Lord, may I take these moments to be still and to prepare to tune in to Your agenda, rather than my own.
Read Exodus 21:1–11
“These are the laws you are to set before them:
2 “If you buy a Hebrew servant, he is to serve you for six years. But in the seventh year, he shall go free, without paying anything. 3 If he comes alone, he is to go free alone; but if he has a wife when he comes, she is to go with him. 4 If his master gives him a wife and she bears him sons or daughters, the woman and her children shall belong to her master, and only the man shall go free.
5 “But if the servant declares, ‘I love my master and my wife and children and do not want to go free,’ 6 then his master must take him before the judges. He shall take him to the door or the doorpost and pierce his ear with an awl. Then he will be his servant for life.
7 “If a man sells his daughter as a servant, she is not to go free as male servants do. 8 If she does not please the master who has selected her for himself, he must let her be redeemed. He has no right to sell her to foreigners, because he has broken faith with her. 9 If he selects her for his son, he must grant her the rights of a daughter. 10 If he marries another woman, he must not deprive the first one of her food, clothing and marital rights. 11 If he does not provide her with these three things, she is to go free, without any payment of money.
New International Version (NIV)
Holy Bible, New International Version®, NIV® Copyright ©1973, 1978, 1984, 2011 by Biblica, Inc.® Used by permission. All rights reserved worldwide.
ReflectWho woke up thinking, “I want to know regulations for Hebrew slavery”? Consider them in light of God’s law of love.
Welcome to “the laws” (1). They were not written in a 21st-century context, although we can learn glean something from them today.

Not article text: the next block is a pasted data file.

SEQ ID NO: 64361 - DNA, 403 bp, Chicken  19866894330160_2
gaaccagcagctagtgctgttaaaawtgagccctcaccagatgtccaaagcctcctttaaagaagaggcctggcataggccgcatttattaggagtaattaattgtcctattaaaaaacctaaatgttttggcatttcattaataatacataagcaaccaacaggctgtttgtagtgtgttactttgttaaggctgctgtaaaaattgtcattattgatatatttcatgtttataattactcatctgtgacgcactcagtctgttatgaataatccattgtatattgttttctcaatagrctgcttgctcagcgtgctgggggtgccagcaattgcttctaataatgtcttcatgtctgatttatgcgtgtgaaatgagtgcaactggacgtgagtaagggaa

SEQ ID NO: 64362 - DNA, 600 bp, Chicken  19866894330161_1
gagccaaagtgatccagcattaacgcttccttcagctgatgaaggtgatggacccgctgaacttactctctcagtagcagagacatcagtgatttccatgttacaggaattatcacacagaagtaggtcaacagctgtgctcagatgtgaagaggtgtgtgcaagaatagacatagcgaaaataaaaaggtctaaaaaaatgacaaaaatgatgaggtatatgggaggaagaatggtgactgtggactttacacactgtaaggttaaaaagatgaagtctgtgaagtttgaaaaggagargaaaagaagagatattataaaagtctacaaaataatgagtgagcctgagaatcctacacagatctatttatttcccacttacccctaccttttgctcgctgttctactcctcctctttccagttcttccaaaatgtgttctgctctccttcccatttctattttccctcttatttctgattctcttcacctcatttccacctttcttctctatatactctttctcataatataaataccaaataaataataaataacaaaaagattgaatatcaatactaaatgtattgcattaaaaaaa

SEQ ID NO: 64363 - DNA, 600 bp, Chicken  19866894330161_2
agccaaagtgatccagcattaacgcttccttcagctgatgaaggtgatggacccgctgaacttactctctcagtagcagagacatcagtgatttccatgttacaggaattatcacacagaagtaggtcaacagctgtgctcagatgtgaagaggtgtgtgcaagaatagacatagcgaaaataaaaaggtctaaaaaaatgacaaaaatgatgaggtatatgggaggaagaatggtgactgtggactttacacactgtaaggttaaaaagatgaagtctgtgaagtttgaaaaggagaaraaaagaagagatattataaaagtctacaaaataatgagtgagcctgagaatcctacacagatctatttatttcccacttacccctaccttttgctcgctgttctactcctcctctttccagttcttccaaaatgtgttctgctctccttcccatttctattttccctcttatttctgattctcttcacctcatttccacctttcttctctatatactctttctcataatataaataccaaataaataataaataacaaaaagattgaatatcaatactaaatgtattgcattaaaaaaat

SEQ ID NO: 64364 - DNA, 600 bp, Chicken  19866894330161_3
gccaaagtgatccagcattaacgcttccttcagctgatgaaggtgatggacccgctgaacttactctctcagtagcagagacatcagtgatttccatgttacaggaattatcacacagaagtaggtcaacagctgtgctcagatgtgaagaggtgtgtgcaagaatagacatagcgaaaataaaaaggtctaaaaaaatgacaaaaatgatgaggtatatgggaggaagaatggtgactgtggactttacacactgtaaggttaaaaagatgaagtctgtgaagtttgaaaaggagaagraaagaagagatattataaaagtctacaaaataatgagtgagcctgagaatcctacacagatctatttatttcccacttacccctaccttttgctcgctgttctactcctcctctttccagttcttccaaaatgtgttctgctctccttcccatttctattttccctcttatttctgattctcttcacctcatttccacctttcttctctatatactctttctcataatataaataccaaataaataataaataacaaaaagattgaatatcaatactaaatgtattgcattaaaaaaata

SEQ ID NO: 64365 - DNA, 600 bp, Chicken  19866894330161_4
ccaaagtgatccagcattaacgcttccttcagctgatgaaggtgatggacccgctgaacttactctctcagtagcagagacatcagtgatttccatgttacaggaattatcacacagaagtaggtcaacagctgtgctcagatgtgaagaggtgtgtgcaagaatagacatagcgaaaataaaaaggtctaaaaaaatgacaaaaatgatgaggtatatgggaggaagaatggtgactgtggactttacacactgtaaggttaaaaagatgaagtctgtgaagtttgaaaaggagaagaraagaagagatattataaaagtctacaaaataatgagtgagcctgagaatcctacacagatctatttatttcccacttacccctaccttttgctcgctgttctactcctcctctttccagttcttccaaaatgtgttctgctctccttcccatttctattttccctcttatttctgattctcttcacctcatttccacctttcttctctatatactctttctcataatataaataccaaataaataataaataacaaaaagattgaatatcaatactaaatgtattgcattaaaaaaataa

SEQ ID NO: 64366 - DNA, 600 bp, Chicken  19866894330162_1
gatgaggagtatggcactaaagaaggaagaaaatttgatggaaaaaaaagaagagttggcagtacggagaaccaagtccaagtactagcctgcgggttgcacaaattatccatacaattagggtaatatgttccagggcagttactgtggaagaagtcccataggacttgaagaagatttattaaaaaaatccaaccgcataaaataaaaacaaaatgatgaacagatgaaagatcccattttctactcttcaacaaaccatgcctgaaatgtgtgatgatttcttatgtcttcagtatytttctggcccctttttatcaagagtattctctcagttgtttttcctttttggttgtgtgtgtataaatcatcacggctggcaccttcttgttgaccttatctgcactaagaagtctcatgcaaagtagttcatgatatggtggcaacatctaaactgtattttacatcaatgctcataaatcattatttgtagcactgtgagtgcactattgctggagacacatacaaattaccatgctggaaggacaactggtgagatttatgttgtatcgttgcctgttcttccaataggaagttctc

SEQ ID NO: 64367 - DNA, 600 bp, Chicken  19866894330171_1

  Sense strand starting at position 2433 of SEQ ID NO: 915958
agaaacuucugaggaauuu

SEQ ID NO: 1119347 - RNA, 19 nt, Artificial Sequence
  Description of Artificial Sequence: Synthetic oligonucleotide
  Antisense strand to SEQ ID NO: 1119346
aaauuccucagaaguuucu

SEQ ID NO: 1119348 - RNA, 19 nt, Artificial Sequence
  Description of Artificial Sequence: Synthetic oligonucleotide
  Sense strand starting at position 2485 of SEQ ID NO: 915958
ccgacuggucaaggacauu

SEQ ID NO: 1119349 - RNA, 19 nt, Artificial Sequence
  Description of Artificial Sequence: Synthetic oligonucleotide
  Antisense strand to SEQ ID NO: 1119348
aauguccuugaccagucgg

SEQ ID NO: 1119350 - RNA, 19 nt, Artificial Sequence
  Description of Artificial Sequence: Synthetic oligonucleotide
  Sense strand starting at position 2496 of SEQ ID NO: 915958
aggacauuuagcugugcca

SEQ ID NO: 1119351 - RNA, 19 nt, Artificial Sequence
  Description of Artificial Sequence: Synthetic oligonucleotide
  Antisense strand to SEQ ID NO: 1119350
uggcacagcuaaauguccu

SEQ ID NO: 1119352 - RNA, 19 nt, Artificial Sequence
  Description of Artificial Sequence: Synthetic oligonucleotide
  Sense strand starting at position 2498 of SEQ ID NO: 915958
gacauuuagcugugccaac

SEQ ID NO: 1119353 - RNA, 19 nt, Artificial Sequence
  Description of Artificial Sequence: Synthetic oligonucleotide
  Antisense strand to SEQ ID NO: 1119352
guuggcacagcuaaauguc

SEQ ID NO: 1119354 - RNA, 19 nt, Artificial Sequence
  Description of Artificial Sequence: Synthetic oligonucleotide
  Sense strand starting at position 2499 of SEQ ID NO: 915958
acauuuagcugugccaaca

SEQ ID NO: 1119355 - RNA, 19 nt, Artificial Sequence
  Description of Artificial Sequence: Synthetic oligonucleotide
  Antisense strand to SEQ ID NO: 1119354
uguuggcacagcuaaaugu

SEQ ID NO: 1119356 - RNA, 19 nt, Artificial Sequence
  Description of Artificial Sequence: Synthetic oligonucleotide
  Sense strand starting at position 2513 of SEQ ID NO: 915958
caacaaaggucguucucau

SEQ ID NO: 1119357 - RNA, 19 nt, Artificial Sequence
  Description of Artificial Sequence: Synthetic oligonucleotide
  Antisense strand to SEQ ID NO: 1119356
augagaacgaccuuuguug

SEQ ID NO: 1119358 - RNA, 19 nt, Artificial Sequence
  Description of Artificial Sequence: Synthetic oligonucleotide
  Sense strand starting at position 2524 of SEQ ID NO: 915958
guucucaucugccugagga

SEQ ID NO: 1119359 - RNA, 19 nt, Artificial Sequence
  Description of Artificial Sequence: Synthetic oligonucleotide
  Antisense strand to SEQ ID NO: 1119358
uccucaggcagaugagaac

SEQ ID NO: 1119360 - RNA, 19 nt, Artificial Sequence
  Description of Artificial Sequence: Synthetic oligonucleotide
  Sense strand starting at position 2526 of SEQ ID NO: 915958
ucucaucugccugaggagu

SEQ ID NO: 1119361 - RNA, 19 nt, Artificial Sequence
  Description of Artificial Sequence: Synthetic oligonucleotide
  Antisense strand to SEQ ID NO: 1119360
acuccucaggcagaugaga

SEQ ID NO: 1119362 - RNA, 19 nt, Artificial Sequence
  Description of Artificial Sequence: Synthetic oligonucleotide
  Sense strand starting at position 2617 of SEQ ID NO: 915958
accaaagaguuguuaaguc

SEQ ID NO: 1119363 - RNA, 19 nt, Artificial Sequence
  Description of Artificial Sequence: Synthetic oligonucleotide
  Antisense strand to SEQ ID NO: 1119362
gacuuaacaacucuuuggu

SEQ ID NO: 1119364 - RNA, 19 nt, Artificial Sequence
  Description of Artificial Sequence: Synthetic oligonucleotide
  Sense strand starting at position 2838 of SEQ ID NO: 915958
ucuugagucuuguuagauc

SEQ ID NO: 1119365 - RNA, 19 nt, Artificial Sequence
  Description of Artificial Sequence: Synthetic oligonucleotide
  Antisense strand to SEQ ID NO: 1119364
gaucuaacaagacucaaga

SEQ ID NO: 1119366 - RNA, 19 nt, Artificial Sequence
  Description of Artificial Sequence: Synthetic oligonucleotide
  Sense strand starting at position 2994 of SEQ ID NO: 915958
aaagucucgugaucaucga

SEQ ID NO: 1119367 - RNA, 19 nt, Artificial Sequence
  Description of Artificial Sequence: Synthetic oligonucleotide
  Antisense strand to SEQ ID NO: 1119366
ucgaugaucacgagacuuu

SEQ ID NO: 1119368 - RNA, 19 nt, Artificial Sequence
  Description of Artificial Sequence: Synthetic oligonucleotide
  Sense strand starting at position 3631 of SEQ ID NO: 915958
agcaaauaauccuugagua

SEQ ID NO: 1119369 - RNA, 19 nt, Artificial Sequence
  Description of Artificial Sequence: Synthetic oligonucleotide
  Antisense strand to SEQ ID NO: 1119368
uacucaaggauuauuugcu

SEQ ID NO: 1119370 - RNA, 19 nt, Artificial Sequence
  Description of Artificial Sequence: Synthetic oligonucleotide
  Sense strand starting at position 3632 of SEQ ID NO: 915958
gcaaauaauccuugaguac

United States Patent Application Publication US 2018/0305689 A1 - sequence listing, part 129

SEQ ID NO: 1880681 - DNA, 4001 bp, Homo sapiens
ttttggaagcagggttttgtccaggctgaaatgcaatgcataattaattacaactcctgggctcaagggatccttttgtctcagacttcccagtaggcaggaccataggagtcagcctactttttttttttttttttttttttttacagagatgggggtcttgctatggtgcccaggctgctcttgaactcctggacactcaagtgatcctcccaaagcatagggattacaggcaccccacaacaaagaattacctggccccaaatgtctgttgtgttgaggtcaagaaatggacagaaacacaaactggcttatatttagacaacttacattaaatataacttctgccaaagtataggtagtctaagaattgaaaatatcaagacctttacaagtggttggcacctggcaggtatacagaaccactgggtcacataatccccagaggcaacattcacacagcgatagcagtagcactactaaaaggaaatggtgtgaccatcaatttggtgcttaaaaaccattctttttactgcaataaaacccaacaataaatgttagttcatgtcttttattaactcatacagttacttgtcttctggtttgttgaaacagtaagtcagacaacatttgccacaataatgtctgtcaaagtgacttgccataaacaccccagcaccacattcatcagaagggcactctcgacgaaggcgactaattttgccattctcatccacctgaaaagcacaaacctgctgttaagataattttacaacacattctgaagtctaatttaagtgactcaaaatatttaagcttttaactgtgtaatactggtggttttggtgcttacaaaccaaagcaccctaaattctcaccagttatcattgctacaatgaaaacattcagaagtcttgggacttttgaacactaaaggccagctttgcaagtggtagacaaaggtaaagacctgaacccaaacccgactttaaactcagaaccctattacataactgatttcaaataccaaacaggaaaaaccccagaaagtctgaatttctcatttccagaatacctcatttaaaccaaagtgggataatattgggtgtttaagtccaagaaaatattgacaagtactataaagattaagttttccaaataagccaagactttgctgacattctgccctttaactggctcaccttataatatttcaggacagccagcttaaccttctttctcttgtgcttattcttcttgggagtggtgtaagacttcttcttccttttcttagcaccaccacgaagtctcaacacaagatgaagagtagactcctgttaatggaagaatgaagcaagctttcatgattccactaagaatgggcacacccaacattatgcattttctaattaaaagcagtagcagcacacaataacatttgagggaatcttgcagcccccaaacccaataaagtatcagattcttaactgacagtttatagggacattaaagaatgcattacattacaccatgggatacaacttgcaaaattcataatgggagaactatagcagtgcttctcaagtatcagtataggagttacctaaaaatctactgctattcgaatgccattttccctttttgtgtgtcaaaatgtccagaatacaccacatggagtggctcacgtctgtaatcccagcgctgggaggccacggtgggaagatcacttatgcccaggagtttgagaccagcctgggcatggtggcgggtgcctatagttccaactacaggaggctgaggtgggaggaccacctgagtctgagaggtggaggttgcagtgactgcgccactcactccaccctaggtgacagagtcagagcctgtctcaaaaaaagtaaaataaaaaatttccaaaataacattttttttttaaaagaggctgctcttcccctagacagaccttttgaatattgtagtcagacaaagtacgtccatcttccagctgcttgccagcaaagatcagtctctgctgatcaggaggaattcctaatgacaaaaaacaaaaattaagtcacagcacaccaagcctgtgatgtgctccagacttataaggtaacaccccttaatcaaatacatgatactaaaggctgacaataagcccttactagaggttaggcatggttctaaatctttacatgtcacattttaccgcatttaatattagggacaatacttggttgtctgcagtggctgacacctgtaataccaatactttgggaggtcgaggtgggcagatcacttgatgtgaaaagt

First, they show us that Hebrew slave ownership was not perpetual. After six years, slaves were to go free. Israel had survived harsh slavery in Egypt, and these laws were meant to stop them from copying Egypt’s system.
Secondly, they suggest that slavery was not in itself problematic. It was more like an assumed social structure, capable of being abused but also of sustaining life. This may be why translations like the NIV say “servant” rather than “slave”: it need not be (in principle) an inherently sinful set-up when controlled by God's law of love (more so for male than female slaves, admittedly, since the men clearly got a better deal).
Thirdly, it was imaginable that slaves could “love” their master (5), at which point they could engage in a symbolic ceremony of having their ears pierced to obtain perpetual servitude. Psalm 40:6 uses this as an image of how we might choose perpetual service to the Lord (not an easy verse to translate, though, perhaps because the psalmist was distracted by having his ear pierced).
Have you chosen to make Christ your “Master” and to live in perpetual servitude to him? Live today in light of this concept.
Loving Master, I praise You that Your “demands” on my life are for my best. Teach me to walk in the ways You have set out for me.
Click here to sign up to receive the EXTRAs via email each quarter.